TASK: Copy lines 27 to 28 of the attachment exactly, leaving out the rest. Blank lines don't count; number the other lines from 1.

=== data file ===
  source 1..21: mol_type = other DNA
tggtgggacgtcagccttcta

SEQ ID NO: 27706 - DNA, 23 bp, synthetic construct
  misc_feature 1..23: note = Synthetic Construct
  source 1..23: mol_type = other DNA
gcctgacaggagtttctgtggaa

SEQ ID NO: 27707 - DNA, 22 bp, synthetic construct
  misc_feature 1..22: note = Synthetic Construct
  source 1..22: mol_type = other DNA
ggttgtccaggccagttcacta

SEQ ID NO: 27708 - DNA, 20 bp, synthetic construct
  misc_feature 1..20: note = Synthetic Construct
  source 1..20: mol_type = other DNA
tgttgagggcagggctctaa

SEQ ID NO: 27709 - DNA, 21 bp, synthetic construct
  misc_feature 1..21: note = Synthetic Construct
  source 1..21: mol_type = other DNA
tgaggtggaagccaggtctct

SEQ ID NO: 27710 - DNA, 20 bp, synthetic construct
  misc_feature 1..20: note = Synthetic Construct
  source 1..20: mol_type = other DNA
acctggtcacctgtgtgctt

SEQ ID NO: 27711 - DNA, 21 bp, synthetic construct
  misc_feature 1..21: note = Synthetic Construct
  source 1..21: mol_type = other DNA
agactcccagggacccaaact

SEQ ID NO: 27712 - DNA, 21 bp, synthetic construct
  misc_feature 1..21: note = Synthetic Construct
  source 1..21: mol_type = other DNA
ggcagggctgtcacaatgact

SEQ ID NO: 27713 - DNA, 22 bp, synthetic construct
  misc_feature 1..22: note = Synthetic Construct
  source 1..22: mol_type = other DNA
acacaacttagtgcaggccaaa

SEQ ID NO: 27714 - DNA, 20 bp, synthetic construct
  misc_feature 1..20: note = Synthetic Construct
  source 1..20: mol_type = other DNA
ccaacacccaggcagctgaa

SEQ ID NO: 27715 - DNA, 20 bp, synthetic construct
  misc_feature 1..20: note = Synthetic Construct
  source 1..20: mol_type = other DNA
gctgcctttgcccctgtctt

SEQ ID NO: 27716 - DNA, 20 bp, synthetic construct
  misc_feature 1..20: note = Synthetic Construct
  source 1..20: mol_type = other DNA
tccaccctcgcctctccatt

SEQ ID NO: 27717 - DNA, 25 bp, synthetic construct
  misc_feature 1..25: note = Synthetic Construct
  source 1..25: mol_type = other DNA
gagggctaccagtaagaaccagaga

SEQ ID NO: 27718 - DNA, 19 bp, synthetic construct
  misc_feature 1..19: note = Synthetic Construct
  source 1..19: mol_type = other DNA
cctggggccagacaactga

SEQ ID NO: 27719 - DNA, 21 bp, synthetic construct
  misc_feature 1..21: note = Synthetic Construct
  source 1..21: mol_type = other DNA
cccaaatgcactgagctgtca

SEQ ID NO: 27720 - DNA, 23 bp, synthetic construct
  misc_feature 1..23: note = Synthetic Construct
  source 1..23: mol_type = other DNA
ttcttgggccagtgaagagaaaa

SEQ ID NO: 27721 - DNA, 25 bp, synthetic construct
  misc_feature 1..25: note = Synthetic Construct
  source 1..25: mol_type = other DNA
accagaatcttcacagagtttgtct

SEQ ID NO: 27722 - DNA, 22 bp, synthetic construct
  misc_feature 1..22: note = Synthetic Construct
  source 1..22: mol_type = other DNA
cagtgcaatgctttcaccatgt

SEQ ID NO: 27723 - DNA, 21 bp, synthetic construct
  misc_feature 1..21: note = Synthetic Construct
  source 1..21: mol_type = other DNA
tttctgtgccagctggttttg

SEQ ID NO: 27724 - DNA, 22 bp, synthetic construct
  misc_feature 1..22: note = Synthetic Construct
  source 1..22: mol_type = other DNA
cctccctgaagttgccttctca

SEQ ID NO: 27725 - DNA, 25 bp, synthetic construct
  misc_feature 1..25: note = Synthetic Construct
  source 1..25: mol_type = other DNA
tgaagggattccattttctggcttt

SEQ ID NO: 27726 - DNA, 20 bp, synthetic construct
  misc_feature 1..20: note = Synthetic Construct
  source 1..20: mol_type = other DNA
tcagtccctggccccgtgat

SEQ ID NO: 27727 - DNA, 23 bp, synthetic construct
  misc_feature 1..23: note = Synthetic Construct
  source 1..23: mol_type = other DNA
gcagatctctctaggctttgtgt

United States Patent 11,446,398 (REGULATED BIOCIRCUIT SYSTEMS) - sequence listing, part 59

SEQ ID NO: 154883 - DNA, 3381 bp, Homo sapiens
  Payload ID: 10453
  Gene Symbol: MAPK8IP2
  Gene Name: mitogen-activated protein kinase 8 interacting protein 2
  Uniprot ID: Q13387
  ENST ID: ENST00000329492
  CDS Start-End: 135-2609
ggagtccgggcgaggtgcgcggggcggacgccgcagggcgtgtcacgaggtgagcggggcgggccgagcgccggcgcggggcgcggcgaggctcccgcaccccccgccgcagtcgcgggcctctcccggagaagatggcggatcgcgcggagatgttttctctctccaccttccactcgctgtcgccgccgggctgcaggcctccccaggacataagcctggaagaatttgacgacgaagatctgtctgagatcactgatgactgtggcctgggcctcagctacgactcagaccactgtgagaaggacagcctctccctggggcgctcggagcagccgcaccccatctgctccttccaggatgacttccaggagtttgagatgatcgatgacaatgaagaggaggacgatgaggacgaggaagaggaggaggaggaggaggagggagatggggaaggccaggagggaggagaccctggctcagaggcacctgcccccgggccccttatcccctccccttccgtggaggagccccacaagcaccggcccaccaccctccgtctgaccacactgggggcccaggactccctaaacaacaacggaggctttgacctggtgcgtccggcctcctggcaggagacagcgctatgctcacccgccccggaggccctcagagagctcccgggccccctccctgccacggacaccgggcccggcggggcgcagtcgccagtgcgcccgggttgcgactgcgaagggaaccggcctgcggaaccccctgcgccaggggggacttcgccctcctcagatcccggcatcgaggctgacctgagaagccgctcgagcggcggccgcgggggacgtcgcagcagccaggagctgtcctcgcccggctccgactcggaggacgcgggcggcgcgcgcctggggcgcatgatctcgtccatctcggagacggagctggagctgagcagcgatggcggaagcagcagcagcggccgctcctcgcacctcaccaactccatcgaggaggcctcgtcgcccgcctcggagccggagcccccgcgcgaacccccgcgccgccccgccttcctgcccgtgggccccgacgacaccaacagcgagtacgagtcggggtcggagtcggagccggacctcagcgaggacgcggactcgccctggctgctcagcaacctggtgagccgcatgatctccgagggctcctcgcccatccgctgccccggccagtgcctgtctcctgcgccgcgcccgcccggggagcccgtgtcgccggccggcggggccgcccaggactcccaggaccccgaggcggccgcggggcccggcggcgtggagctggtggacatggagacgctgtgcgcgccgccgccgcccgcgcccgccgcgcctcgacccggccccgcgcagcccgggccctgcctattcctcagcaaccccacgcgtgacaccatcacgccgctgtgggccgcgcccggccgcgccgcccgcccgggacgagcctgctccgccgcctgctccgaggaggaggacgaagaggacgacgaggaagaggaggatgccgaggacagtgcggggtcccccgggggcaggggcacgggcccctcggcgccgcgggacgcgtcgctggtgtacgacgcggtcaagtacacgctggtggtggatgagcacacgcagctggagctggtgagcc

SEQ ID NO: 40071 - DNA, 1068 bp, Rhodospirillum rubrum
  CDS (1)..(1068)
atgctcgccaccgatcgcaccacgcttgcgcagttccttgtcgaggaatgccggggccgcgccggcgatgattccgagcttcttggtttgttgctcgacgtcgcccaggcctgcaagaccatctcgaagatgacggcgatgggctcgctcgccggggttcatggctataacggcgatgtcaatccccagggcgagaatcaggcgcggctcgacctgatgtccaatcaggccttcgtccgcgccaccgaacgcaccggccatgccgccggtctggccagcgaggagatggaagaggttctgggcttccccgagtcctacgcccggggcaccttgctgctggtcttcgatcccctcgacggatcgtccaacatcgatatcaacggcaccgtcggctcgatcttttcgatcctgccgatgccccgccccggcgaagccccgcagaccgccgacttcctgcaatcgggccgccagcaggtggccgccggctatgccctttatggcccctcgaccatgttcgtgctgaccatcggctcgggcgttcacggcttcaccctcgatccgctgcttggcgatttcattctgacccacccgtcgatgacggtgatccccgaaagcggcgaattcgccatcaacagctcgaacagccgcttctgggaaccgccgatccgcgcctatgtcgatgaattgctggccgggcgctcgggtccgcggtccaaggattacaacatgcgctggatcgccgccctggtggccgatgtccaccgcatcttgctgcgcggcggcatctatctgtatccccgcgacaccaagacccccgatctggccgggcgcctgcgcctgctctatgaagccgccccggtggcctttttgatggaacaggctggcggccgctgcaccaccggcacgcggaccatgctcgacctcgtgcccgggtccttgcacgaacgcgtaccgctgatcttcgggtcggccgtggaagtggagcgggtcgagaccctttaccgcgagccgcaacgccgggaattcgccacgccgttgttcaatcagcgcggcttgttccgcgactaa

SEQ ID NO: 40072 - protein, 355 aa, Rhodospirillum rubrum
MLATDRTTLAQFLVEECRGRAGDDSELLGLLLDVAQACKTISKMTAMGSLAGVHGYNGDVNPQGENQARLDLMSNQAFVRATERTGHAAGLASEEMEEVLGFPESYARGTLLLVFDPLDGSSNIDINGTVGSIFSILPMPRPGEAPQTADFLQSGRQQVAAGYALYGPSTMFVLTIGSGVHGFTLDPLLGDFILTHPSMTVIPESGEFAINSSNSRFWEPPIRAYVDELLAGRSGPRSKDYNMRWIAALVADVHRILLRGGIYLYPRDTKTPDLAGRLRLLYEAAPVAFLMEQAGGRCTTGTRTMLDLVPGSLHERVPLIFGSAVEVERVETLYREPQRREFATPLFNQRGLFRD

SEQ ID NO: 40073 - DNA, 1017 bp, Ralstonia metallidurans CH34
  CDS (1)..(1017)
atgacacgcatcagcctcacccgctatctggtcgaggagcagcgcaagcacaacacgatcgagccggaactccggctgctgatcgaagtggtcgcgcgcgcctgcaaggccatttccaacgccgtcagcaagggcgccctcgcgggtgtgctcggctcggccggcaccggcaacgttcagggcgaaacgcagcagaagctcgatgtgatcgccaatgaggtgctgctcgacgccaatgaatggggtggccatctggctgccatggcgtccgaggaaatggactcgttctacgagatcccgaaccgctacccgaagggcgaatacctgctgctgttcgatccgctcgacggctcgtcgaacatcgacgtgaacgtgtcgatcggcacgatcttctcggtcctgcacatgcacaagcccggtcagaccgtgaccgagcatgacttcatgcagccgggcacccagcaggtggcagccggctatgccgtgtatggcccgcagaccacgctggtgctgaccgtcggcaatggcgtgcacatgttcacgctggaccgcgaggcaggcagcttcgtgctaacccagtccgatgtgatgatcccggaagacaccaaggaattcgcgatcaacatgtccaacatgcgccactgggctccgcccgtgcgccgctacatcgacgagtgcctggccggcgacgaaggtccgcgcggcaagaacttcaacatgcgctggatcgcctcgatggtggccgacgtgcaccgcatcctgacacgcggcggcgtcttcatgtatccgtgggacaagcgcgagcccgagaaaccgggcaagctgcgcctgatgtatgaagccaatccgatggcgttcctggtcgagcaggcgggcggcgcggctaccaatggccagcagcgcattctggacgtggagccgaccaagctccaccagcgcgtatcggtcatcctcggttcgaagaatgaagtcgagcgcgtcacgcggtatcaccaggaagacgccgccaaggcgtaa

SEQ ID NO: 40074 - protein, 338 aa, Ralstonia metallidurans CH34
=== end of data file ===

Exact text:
SEQ ID NO: 27712 - DNA, 21 bp, synthetic construct
  misc_feature 1..21: note = Synthetic Construct